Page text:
ADVISORY: Tomorrow Miami-Dade Commission Poised to Greenlight an Inadequate Agreement with Florida Power & Light (FPL) Over Polluting Turkey Point Plant

Jennifer Rennicks | April 9, 2018 | Press Releases

Local organizations to hold a media availability session before vote outlining concerns & needs for agreement to be strengthened because they have been told no public comments will be permitted

Contacts:

Laura Reynolds, Southern Alliance for Clean Energy, (786) 543-1926â?¬, lreynolds@conservationconceptsllc.org

Alan Farago, Friends of the Everglades, (305) 778-8765â?¬, alanfarago@me.com

Camila Quaresma, Coconut Grove Chamber of Commerce, (305) 302-2755, camila@sharpdentistry.com

Eleazar Melendez, Miami Climate Alliance, (212) 729-6672, edavidmelendez@gmail.com

Leticia de Mello Bueno, Tropical Audubon Society, (305) 343-6448, communications@tropicalaudubon.org

Sharon Van Smith, Rise Up Florida, (305) 491-7703, svansmith@gmail.com

Susan Windmiller, League of Women Voters of Miami Dade County, (305) 984-6089, susanrwindmiller@gmail.com

Steve Sauls, Biscayne Bay Marine Health Summit Steering Committee, (786) 239-8957, stevesauls1@aol.com

Valerie Robins, Sierra Club Miami Group, (305) 519-1949, flower8349@yahoo.com

Dr. Philip Stoddard, Mayor, City of South Miami, (305) 342-0161, mayorstoddard@gmail.com

State Senator Jose Javier Rodriguez (D-37), (305) 854-0365

 

Miami, Fla. – On Tuesday, April 10 at 9:30 a.m. ET, the Miami-Dade Board of County Commissioners will convene a Commission meeting which includes a scheduled vote on a controversial Joint Partnership Agreement with Florida Power and Light (FPL) regarding the use of reuse water for the utility’s polluting Turkey Point facility (item 11A3 on the agenda). Local organizations are demanding the inadequate agreement be strengthened before the County approves, otherwise the agreement could pave the way for additional nutrients to be flushed into the aquifer and the Bay. As written, the agreement will also substantially delay the remediation cleanup at Turkey Point resulting in long-term impacts on the region’s drinking water resource, the Biscayne Aquifer, and the health of Biscayne and Everglades National Parks.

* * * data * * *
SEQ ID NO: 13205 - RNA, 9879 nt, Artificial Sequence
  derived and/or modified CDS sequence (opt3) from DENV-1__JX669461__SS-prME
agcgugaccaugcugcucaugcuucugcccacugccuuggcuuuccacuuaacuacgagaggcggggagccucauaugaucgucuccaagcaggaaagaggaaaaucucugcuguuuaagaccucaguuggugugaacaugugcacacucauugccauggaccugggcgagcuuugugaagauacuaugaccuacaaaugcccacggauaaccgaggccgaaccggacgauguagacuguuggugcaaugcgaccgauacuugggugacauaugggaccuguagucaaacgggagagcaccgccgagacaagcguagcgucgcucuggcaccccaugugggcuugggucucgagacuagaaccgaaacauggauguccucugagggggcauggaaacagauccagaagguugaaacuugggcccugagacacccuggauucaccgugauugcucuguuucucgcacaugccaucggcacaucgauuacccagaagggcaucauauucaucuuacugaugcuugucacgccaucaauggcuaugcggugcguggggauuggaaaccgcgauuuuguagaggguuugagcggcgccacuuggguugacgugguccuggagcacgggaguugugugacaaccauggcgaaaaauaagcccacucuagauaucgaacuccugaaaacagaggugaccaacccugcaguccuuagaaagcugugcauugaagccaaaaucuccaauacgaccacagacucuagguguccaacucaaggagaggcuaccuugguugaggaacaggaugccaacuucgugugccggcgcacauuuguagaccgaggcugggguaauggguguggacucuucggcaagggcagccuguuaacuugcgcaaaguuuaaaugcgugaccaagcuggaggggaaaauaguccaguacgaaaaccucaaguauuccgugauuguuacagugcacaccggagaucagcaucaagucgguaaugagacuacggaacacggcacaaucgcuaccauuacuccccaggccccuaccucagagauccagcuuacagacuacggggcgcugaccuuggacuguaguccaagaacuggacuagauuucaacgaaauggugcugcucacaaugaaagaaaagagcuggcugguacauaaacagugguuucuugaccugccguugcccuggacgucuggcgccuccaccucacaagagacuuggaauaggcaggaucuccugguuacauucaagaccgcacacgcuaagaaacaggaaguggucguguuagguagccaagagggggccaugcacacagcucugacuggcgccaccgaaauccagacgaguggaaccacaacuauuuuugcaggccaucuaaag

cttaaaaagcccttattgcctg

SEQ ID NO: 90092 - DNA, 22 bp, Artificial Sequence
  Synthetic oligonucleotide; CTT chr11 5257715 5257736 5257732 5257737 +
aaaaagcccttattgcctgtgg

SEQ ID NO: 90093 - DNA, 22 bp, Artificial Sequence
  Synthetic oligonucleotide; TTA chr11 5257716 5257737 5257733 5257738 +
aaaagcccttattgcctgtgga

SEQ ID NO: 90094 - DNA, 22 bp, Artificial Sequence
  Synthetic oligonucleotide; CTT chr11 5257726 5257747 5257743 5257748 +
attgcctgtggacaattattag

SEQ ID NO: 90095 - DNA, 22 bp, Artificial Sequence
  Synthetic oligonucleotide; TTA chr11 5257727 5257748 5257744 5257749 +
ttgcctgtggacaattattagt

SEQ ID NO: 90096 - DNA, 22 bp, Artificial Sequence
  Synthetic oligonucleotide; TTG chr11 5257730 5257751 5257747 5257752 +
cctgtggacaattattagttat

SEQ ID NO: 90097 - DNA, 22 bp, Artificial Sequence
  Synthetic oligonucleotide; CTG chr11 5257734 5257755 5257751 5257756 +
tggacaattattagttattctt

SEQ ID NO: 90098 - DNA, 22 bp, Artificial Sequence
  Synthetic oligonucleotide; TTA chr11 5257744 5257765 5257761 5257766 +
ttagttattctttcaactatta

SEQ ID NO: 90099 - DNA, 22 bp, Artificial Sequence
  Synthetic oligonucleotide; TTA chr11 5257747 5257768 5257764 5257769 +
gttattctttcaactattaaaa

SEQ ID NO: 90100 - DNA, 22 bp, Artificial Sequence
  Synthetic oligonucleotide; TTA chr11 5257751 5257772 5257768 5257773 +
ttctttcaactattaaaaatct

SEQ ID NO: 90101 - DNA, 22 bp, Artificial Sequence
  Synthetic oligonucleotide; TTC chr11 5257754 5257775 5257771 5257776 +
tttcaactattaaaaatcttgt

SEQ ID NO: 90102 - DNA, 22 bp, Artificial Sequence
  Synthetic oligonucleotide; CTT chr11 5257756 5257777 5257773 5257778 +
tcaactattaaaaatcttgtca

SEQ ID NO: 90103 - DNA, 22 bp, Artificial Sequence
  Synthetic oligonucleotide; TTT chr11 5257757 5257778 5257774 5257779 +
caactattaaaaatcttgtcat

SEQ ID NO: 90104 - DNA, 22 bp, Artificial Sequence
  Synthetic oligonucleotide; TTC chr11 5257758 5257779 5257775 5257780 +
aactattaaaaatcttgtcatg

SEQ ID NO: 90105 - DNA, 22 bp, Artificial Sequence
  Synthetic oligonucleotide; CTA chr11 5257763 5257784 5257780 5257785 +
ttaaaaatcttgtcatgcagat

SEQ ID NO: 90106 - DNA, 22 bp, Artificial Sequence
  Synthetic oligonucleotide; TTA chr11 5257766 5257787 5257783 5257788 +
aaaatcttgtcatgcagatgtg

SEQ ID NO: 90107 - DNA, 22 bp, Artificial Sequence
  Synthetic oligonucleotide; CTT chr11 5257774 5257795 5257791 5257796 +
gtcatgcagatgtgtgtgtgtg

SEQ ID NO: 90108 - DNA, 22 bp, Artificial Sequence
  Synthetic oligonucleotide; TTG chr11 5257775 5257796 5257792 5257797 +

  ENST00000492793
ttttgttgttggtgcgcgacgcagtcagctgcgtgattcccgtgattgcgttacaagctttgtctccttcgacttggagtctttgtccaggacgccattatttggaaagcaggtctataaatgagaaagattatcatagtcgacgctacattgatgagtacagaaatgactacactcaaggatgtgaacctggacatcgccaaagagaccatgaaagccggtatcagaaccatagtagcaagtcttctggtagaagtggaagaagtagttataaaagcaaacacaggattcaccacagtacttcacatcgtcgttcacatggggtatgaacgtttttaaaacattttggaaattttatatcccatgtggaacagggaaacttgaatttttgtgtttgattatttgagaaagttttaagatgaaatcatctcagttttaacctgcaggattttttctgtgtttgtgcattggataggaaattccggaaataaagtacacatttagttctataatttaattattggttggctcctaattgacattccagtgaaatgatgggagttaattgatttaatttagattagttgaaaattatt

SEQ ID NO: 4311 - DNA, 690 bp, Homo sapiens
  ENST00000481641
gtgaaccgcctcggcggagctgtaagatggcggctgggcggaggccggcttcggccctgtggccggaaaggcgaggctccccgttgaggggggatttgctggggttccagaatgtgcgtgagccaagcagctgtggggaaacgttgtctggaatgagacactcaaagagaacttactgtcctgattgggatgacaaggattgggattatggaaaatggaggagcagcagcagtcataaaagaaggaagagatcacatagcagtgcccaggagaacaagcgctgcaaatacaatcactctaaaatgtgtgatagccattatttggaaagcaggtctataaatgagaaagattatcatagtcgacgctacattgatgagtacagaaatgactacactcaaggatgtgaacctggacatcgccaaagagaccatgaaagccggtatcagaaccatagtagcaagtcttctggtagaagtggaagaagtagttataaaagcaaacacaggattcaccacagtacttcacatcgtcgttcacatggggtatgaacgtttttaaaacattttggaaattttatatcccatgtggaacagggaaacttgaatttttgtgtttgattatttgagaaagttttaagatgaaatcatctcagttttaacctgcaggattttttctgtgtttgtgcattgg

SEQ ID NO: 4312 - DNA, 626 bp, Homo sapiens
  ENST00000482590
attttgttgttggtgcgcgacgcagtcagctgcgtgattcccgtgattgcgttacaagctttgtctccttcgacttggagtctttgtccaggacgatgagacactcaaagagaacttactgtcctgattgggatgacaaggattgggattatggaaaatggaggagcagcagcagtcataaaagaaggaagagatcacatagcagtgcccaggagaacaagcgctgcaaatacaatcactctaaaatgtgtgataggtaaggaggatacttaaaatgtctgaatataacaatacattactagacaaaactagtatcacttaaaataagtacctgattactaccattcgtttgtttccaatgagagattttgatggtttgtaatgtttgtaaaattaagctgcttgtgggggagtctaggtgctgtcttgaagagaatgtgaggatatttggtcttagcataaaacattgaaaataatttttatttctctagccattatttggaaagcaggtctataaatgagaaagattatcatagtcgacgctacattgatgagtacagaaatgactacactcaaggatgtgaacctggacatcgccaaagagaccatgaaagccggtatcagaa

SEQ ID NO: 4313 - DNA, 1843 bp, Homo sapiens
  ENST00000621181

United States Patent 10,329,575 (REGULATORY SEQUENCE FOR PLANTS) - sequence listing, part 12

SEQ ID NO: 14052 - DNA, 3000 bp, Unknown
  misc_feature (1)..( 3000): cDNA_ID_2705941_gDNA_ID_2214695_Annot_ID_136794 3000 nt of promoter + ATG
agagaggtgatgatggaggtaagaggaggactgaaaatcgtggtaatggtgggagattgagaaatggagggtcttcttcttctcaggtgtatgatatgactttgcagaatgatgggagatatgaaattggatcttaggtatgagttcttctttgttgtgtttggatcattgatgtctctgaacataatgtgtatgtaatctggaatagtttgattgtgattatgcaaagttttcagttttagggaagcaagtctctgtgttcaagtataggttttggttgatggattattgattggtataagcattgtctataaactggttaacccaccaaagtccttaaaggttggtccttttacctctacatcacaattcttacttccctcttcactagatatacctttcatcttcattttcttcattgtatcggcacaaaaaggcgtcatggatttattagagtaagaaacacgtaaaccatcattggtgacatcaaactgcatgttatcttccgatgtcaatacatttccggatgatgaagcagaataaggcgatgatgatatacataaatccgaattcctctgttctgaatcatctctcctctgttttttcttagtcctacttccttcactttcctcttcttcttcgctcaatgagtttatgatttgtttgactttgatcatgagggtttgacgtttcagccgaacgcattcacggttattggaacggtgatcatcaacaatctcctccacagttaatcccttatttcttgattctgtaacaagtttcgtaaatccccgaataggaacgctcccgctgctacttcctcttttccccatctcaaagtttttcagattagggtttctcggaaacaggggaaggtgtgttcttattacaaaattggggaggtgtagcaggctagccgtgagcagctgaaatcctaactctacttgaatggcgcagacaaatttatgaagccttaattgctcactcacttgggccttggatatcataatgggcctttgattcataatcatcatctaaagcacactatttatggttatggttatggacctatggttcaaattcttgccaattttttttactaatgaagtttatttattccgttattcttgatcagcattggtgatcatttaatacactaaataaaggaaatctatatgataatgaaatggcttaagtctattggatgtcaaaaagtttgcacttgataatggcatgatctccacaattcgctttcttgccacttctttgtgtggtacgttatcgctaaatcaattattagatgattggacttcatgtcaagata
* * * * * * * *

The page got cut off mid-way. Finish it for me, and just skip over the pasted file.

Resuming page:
WHAT: Because public comment is not being allowed at the meeting, a group of local community and environmental organizations will hold a press availability before the Commission meeting begins, highlighting their concerns about the Joint Partnership Agreement, which unless strengthened, will have negative consequences for Miami-Dade County’s water supply as well as Biscayne Bay and Biscayne National Park.

WHEN: Tuesday, April 10, 2018 at 9 a.m. ET

WHERE: Stephen P. Clark Government Center; 111 NW 1st Street; Commission Chambers; Miami, Florida 33128. Second Floor, outside of the Commission chambers.

WHO: Representatives from Biscayne Bay Marine Health Summit Steering Committee; Coconut Grove Chamber of Commerce Sustainability & Resilience Committee; Friends of the Everglades; League of Women Voters of Miami-Dade County; Miami Climate Alliance; Rise Up Florida; Sierra Club Miami; Southern Alliance for Clean Energy; Tropical Audubon; and State Senator Jose Javier Rodriguez will be available for comment during the morning media availability with some also available following the Commission meeting.

 

Statements from participating and concerned organizations are listed below.

Alan Farago, Conservation Chair, Friends of the Everglades: “This is a make or break moment for Miami-Dade County. Federal regulators are vanishing. State regulators are vanishing. County Commissioners took an oath to serve the public, not to shield a powerful corporate polluter from the consequence of errors it has covered up until now.”

Camila Quaresma-Sharp, Chair, Coconut Grove Chamber of Commerce Sustainability & Resilience Committee: “The solution should be in the best interest of our local communities and the environment, and not just FPL. Our elected officials must consider what is best for the majority of their constituents-and the answer is not the continued pollution of our waterways and the use of unsafe methods to provide energy. FPL’s current methodologies are polluting our pristine Biscayne Bay waterways.”